Primary Arrhythmogenic Cardiomyopathies. Channelopathies  

PCCD, also called Lenegre-Lev disease (Lenegre, 1964; Lev et al., 1970), is one of the most common cardiac conduction disturbances and represents a serious and potentially life-threatening disorder, being one of the majo causes of pacemaker implantation in developes countries (Mond and Proclamer, 2011). Electrocardiographically is characterized by a progressive slowing of cardiac conduction through the His-Purkinje system with right or left bundle branch block and widening of QRS complexes, leading to complete atrioventricular block and causing syncope and sudden death (Smits et al., 2005). The degree of impaired cardiac conduction may progress with advancing age. In the ECG there is a marked prolongation of the P wave and the PR interval and a widening of the QRS complex without ST segment elevation or QT prolongation. Patients with sinusal pauses or bradycardia present dizziness and syncope. Stokes-Adams syndrome, seizures or SCD appear in the presence of complete heart block. In some patients, PCCD is characterized by age-related disease, degenerative fibrosis of the His-Purkinje system, resulting in bundle branch blocks and eventually complete AV block (Probst et al., 2003). PCCD represents the major cause of pacemaker implantation in the world and is considered a primary degenerative disease or an exaggerated aging process with sclerosis affecting only the conduction tissue. 

Progressive familial heart block type I (PFHBI, PFHB1) is an autosomal dominant cardiac bundle branch disorder that may progress to complete heart block. The ECG presents evidence of bundle branch disease, i.e., right bundle branch block, left anterior or posterior hemiblock, or complete heart block, with broad QRS complexes. In contrast, in the type II (PFHBII, PFHB2), the onset of complete heart block is associated with narrow QRS complexes. The propagation of the cardiac impulses originating from the sinus node to the atria and vetricles, both voltage-gated sodium channel and gap junctions play a key role; the former determine cellular excitability and the latter serves as the depolarizing current transmitted from cell to cell.

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1. Genetic basis

The genetic basis of the PCCD mostly remains elusive, albeit in 20–30% of probands, disease-causing mutations were reported in several genes. The cardiomyocytes from SCN5A+/- mice show a 50% reduction in INa and their hearts present several conduction disturbances including AV block, intraventricular conduction delay, prolonged ventricular refractoriness and TV. These findings allow us to relate the loss of function of Na+ channels with very disparate clinical phenotypes (Papadatos et al., 2002). In patients without cardiac structural diseases, reduced sodium current due to mutations in SCN5A gene which slows intra-atrial and intra-ventricular conduction is the most important mechanism in congenital cardiac conduction disease (Schott et al., 1999; Wang et al., 2002; Viswanathan et al., 2003). The mutaciones decrease INa amplitude by reducing the Nav1.5 trafficking to the sarcolemma (trafficking deffects) or as a consequence of altered gating disturbances (Probst et al., 2003; Schott et al., 1999; Tan et al., 2001; Amin et al., 2010). This latter mechanism incluyes:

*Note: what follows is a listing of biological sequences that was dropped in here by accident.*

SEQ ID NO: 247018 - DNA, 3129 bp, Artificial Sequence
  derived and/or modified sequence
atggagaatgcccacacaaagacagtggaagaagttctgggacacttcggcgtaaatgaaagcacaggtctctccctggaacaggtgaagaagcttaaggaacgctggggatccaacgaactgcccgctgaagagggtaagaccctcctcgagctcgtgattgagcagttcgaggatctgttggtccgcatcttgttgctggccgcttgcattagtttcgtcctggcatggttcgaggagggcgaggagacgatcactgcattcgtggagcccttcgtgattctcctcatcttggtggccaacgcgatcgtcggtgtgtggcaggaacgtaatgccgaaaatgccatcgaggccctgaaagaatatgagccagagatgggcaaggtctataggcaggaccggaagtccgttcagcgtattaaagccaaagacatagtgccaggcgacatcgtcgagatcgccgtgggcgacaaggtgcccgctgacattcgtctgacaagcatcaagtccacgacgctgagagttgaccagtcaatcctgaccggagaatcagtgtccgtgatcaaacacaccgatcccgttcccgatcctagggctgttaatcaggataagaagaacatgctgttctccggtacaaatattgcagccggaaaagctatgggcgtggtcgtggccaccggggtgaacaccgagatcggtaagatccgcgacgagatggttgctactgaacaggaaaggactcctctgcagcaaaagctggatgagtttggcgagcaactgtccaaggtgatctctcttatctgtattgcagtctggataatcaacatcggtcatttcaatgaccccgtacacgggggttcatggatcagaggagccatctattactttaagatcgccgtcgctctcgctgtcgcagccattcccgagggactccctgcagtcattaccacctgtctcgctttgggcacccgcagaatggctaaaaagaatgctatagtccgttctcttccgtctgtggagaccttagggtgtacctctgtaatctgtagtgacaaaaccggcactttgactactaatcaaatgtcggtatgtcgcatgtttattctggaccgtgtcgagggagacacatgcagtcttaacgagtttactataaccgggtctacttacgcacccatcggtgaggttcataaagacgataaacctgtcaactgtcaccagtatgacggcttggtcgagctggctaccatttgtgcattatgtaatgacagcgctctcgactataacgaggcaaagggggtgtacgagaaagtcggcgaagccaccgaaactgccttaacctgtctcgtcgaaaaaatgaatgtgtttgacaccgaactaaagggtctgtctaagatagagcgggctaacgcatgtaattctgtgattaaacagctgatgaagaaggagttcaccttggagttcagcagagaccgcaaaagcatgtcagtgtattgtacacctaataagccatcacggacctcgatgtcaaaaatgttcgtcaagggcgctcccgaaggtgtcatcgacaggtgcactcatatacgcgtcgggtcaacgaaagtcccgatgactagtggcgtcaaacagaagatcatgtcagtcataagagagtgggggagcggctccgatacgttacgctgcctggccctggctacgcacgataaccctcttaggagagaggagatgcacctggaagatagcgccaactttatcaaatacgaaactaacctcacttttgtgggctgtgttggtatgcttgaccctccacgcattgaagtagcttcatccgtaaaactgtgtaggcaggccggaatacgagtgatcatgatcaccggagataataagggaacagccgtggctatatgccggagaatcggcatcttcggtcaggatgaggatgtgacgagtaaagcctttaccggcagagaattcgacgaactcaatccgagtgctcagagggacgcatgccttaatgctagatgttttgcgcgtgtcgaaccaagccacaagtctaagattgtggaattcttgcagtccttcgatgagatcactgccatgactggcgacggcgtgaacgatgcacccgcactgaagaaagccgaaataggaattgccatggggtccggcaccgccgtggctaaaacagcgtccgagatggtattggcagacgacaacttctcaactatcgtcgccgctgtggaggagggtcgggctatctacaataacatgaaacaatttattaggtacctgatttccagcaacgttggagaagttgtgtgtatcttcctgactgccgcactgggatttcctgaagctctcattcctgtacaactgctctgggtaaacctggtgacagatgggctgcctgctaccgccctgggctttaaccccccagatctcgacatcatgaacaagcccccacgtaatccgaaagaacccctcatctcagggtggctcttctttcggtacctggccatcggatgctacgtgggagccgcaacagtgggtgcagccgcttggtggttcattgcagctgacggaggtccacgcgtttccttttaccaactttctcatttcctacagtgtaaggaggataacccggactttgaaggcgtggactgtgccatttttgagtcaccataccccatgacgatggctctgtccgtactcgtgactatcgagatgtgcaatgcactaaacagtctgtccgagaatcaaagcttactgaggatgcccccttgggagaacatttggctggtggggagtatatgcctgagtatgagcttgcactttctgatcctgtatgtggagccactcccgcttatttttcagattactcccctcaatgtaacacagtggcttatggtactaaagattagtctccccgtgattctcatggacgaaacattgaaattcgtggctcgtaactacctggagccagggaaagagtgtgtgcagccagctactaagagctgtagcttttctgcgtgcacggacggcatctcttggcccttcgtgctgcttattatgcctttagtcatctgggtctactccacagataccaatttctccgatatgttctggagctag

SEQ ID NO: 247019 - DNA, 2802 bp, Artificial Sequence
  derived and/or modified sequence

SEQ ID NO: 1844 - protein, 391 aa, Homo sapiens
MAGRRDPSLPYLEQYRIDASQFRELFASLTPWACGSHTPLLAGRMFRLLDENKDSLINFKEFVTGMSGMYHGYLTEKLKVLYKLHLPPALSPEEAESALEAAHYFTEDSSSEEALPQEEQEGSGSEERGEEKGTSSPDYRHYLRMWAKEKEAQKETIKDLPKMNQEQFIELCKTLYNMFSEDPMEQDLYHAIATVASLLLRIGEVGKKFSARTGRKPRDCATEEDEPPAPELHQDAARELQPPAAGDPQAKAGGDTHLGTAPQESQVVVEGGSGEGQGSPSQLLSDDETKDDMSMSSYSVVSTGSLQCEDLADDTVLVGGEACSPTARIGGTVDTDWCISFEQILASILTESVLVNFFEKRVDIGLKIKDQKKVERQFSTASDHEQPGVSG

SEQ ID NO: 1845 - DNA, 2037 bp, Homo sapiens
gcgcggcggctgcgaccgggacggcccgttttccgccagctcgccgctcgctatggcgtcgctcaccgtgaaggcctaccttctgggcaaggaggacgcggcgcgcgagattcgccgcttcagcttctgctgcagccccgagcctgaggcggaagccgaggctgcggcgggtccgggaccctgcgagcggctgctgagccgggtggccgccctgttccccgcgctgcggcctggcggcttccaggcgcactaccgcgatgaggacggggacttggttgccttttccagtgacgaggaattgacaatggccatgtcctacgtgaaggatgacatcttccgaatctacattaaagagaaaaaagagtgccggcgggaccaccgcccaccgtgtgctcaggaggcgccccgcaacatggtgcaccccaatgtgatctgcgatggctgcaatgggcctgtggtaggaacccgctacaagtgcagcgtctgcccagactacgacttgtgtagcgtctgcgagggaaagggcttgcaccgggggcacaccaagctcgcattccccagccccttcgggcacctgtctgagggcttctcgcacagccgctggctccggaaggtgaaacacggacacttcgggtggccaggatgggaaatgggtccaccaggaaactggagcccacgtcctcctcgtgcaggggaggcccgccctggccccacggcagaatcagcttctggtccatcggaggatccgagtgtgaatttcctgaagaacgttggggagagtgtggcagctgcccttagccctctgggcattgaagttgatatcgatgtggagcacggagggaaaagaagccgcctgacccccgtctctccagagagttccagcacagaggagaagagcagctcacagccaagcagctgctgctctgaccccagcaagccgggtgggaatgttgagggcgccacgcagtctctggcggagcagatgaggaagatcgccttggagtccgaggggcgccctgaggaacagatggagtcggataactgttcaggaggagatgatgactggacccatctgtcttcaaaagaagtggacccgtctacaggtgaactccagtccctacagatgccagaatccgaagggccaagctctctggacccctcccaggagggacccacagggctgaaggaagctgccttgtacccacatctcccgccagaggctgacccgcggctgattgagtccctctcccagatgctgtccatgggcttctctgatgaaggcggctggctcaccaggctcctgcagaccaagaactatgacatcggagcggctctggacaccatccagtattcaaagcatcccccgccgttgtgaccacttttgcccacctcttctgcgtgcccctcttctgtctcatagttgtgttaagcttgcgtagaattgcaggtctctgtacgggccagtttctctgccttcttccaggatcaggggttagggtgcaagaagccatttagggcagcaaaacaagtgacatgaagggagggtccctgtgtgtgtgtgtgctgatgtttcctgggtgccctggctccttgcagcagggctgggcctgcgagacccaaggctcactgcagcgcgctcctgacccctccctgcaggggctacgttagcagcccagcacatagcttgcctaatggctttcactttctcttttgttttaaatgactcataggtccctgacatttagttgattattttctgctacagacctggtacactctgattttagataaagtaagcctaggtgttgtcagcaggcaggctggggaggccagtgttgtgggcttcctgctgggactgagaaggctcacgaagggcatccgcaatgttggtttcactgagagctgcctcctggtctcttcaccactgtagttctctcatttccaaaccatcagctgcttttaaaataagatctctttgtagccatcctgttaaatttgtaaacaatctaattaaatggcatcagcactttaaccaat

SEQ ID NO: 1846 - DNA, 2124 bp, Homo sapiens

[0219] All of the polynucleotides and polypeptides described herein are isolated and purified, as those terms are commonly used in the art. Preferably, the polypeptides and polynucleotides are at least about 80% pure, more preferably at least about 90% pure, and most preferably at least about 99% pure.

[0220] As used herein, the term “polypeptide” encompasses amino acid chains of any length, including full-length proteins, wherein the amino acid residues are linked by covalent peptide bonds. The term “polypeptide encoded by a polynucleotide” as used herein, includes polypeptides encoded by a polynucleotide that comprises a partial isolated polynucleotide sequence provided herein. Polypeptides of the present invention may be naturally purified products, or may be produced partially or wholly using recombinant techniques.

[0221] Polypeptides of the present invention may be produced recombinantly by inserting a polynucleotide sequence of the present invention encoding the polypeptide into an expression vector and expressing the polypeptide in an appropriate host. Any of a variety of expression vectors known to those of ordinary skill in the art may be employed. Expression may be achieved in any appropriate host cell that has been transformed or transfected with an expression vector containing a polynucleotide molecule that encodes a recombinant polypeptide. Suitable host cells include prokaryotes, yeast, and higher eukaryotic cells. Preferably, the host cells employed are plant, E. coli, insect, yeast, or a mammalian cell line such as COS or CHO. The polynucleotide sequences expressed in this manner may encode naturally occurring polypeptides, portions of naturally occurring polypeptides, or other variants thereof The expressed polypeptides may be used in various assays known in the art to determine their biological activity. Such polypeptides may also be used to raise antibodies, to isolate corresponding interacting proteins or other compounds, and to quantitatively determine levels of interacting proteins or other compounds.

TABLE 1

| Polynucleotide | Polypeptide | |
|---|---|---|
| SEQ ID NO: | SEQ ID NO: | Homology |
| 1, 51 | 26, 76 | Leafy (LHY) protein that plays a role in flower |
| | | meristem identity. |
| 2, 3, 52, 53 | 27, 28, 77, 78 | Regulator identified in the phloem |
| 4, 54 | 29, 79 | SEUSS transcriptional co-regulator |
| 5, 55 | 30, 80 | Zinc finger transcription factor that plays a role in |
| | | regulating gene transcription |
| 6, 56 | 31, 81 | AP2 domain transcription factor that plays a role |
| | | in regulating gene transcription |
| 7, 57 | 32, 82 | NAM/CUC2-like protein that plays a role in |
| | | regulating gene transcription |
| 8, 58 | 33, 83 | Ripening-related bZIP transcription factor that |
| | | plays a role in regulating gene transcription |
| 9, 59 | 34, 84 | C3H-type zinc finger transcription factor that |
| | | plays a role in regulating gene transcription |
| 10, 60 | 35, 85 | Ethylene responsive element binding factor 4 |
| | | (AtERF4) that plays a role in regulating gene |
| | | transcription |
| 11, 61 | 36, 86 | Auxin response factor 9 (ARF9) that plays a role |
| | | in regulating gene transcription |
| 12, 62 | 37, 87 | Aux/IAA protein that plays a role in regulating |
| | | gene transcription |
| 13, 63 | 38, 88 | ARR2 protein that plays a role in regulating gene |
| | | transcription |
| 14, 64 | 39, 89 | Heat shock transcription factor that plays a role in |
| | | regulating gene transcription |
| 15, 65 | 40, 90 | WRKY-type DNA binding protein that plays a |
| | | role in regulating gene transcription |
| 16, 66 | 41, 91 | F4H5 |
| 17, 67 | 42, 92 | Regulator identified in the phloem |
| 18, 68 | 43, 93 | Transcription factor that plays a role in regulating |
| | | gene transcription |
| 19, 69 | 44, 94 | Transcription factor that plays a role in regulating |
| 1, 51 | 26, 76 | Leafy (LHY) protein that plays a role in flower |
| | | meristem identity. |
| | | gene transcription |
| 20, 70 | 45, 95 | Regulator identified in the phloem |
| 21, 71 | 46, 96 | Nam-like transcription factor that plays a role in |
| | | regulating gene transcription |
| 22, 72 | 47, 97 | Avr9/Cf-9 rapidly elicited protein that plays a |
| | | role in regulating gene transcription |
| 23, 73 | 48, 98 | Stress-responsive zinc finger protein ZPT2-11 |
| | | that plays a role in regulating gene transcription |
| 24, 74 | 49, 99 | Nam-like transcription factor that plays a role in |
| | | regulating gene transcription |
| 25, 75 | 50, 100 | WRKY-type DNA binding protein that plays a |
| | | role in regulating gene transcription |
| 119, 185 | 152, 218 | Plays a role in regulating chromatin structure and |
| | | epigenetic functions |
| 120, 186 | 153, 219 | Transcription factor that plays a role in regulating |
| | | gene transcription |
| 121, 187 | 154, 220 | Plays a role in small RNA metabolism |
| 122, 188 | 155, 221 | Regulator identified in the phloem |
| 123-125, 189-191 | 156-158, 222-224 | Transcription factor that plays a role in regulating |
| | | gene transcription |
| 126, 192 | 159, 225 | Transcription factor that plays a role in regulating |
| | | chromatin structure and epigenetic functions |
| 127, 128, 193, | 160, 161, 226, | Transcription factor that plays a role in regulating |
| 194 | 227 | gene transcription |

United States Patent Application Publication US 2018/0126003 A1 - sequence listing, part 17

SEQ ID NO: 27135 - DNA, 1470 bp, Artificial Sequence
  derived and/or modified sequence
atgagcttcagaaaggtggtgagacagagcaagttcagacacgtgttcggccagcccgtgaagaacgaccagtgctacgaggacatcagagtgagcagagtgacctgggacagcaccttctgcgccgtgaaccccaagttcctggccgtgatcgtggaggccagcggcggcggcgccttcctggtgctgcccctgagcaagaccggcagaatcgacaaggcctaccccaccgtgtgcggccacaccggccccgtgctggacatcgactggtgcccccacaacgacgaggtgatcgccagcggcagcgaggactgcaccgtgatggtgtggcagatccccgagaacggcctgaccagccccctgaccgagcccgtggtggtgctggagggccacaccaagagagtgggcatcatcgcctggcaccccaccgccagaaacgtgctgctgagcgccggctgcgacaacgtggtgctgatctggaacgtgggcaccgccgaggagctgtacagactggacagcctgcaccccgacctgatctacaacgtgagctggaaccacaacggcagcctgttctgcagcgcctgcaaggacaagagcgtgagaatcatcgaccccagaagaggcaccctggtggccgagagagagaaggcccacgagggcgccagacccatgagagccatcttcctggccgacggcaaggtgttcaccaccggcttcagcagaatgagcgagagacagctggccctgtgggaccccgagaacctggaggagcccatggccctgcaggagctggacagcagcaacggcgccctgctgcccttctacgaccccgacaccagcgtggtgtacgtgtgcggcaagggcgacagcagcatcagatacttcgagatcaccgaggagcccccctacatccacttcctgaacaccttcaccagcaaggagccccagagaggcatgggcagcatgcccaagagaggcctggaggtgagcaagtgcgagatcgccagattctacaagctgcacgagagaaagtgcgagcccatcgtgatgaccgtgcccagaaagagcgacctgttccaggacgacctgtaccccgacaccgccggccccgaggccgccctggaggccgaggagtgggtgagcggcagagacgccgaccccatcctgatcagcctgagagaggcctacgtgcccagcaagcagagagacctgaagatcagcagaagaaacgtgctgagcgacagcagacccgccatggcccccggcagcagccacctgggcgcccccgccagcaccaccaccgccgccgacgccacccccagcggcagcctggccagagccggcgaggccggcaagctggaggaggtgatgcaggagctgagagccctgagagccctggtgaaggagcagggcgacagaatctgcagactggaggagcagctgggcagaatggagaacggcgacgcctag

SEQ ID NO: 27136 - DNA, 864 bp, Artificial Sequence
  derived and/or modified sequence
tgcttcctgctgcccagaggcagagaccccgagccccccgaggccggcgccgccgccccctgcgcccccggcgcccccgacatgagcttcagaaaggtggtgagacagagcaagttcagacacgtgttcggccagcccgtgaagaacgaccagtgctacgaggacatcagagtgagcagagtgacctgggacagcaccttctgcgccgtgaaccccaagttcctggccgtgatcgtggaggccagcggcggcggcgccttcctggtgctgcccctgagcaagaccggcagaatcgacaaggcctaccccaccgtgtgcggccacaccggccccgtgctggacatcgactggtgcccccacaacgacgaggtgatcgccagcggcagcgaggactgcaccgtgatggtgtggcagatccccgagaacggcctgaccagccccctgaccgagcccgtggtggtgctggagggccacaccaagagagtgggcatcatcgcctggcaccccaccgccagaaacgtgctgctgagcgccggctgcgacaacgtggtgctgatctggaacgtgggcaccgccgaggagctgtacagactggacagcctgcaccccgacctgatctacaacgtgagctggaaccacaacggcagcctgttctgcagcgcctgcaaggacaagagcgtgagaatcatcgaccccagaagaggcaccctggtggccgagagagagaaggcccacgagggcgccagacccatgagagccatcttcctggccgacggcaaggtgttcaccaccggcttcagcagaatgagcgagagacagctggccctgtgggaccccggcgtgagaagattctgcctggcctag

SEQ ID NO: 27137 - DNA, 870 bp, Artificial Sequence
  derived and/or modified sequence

1) A depolarizing shift of the Na+ channel activation curve, resulting from a reduction in the rate of channel activation or decreased channel sensitivity to the voltage required for activation which reduces the AP upstroke velocity, a primary determinant of conduction velocity;
2) A shift of the inactivation curve to more negative potentials;
3) An increase in the rapid inactivation or slower recovery from inactivation. A missense mutation (G514C) causes unequal depolarizing shifts in the voltage-dependence of activation and inactivation such that a smaller number of channels are activated at typical threshold voltages (Tang et al., 2001). Other mutations causing isolated conduction disturbances (G298S and D1595N) reduce channel availability by enhancing the tendency of channels to undergo slow inactivation in combination with a complex mix of gain- and loss-of-function defects (Wang et al., 2002).

Watanabe et al (2008) identified mutations in SCN1B sequences encoding the β1 and β1B transcript variants in patients with conduction disease and/or BrS. β1 and β1B variants modulate the function of the major cardiac sodium channel α subunit Nav1.5 and the identified SCN1B mutations blunt or inhibit this effect. Both normal and mutant β1-subunits are expressed to a higher degree in the Purkinje fibers than in the ventricles, so that INa reduction in Purkinje fiber myocytes may underlie prolongation of PR and QRS intervals, and right or left bundle branch block in PCCD.

Some SCN5A mutations produce PCCD associated with a BrS (Kyndt et al., 2001; Smits et al., 2005) or LQT3 (Probst et al., 2003). Carriers of these mutations have only 50% of the normally available Na+ channels which results in a slowing of conduction velocity manifest as impaired atrioventricular conduction (heart block), slowed intramyocardial conduction velocity, or atrial inexcitability (atrial standstill) (Tang et al., 2001; Wang et al., 2002; Groenewegen et al., 2003; Benson et al., 2003). Mutations in SCN5A geneare also associated with heterogeneous familial disorders of cardiac conduction manifest as impaired atrioventricular conduction (heart block), slowed intramyocardial conduction velocity (usually located in the His-Purkinje system), or atrial inexcitability (atrial standstill) (Schott et al., 1999; Wang et al., 2002; Groenewegen et al., 2003; Benson et al., 2003). The degree of impaired cardiac conduction may progress with advancing age and is generally not associated with prolongation of the QT interval or ECG changes consistent with BrS. Inheritance of heart block is most cases autosomal dominant. However, atrial standstill has been reported to occur either as a recessive disorder of SCN5A (congenital sick sinus syndrome) (Benson et al., 2003) or by digenic inheritance of a heterozygous SCN5A mutation with a promoter variant in the connexin-40 gene (Groenewegen et al., 2003). SCN5A mutations have also been discovered in families segregating impaired cardiac conduction, supraventricular arrhythmia, and dilated cardiomyopathy (McNair et al., 2004; Olson 2005). Therefore, structural and functional PCCDs may share the same pathophysiological background.